The machines harvested the cotton, spun it into your sheets, and washed them clean.
The natural gas controller, fan motor, and thermostat kept your house warm.
The microchip processed the app and chirped the sound to wake you at precisely the right time…
Before you got out of bed this morning, you owed your entire comfort and well-being to science.
And throughout today your life will be made a thousand times easier thanks to people you’ll never know, who invented the things you couldn’t live without.
But it wasn’t just those people we have to be thankful for.
It was a method.
You probably first learned about it in 2nd grade:
1. Make an observation.
2. Ask a question.
3. Form a hypothesis, or testable explanation.
4. Make a prediction based on the hypothesis.
5. Test the prediction (break it)
6. Iterate: use the results to make new hypotheses or predictions.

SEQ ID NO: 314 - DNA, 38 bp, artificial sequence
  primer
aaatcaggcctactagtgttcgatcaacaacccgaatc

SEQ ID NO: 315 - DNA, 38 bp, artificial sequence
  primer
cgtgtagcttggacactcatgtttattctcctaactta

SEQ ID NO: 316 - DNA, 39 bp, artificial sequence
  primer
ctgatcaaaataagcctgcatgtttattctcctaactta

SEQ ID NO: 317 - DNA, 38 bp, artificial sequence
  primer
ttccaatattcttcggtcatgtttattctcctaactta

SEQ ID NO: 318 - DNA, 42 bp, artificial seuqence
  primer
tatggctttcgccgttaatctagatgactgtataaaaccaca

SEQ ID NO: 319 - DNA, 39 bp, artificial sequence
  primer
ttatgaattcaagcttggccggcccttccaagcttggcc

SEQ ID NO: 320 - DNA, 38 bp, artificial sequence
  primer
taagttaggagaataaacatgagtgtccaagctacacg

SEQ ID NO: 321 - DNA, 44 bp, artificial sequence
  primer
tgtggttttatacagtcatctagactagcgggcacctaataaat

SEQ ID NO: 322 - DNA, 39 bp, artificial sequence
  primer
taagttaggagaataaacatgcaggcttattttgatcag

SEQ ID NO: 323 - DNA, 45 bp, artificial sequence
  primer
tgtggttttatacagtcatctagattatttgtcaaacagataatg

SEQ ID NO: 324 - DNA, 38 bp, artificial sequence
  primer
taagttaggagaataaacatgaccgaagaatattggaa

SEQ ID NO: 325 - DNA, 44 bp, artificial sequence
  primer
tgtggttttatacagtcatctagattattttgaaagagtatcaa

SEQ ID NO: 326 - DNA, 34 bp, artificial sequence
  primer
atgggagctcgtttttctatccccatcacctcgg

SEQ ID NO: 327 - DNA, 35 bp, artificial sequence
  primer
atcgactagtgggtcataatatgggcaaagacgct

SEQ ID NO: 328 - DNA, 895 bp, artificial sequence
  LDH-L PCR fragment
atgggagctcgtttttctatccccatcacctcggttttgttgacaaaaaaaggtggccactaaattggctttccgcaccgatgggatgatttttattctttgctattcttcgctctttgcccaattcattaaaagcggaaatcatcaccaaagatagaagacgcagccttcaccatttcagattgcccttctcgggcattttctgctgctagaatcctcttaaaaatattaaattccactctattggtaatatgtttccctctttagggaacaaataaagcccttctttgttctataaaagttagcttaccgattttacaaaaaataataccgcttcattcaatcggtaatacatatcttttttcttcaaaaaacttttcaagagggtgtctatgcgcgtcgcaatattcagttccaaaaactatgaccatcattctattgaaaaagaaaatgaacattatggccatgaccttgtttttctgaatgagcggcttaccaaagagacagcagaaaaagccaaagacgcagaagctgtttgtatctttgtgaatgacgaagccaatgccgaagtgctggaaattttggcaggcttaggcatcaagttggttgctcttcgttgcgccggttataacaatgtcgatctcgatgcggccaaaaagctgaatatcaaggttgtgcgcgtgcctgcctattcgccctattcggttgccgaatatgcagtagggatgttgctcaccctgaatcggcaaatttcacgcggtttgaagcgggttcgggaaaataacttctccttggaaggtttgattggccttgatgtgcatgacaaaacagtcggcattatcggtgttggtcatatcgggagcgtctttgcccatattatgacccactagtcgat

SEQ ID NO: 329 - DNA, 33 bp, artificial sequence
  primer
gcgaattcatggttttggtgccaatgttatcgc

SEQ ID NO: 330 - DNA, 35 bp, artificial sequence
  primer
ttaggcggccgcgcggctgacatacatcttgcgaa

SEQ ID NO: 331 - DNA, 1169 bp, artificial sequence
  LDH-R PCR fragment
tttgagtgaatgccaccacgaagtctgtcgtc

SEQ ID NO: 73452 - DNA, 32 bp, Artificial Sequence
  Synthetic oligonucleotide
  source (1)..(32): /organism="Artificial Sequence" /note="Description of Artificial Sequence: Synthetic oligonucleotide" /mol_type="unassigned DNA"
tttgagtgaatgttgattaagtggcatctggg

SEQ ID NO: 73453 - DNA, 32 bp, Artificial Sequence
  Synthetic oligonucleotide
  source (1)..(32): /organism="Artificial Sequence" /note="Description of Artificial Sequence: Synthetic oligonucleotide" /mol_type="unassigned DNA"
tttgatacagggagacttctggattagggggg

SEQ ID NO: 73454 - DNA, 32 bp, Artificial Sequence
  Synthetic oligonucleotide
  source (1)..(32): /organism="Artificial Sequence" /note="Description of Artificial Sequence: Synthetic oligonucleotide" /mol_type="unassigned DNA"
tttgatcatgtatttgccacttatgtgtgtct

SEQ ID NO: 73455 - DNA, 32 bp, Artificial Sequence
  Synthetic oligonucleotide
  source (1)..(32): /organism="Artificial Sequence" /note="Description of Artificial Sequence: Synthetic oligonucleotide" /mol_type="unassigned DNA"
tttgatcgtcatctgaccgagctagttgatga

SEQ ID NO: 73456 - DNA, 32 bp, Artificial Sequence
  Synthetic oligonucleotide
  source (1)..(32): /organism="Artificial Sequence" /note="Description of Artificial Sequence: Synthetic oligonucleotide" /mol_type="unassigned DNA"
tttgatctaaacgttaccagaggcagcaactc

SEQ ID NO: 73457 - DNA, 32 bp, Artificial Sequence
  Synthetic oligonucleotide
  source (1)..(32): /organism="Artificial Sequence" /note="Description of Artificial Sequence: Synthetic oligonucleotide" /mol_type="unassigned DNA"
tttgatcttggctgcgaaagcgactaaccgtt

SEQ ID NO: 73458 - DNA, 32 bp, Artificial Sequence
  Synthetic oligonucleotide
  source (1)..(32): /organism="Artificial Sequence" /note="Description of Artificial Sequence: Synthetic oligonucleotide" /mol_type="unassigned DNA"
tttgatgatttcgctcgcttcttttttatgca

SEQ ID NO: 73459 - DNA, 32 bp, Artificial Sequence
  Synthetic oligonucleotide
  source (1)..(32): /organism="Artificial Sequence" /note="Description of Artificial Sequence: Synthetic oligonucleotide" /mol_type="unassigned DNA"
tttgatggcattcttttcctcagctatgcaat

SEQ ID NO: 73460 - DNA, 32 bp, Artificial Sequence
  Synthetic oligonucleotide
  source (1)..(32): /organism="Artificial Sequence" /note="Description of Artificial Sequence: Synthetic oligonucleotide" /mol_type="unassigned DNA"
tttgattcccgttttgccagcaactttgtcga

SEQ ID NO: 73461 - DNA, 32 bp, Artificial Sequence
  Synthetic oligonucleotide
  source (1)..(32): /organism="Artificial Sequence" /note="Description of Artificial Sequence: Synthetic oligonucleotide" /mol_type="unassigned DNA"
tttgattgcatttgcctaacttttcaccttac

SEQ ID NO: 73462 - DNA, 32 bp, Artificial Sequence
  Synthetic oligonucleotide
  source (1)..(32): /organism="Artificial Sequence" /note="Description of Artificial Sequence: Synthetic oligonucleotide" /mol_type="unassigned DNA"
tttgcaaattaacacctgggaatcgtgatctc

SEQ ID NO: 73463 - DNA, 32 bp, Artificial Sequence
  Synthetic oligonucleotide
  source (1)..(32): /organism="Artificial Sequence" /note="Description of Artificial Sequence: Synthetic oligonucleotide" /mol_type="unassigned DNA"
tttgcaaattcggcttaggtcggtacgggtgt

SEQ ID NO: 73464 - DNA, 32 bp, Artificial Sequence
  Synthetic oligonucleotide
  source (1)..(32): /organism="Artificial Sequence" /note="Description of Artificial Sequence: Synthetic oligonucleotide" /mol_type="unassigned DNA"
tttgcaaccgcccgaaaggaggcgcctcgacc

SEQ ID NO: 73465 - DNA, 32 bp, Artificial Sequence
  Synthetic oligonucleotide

This is known as the scientific method, and it’s behind every advancement known to mankind.
It’s why, despite our failures, we always end up a little better than we used to be. It is the universal method of progress.
You don’t have to look very far to see a scary truth: this method is in more danger than it’s ever been.
We have never been more afraid to state our observations, ask questions, share our ideas, and to test those ideas in public.
No, I’m not here to talk about the woes of cancel culture.
I’m talking about breaking things.
And the beautiful nature of being broken.
The entire scientific method; our entire existence as we know it, is based on our ability to break things, realize they are broken, and move along without judgment.
Why is that freaking so many people out?
Is it freaking you out?
My friend, let me assure you that it’s part of the process.
Your friends, your work, your health, your spouse, your kids, and your church… will break.
But it all leads to you being better than you used to be.
It’s part of the process.
You are a beautiful invention. But you are far from being out of Beta… and that’s okay.
It’s time we all embrace the broken, and move on to step six:
Use your results to make a new hypothesis.
You are far from done. This experiment is far from over.
And I can’t wait to see the results.
Take it easy,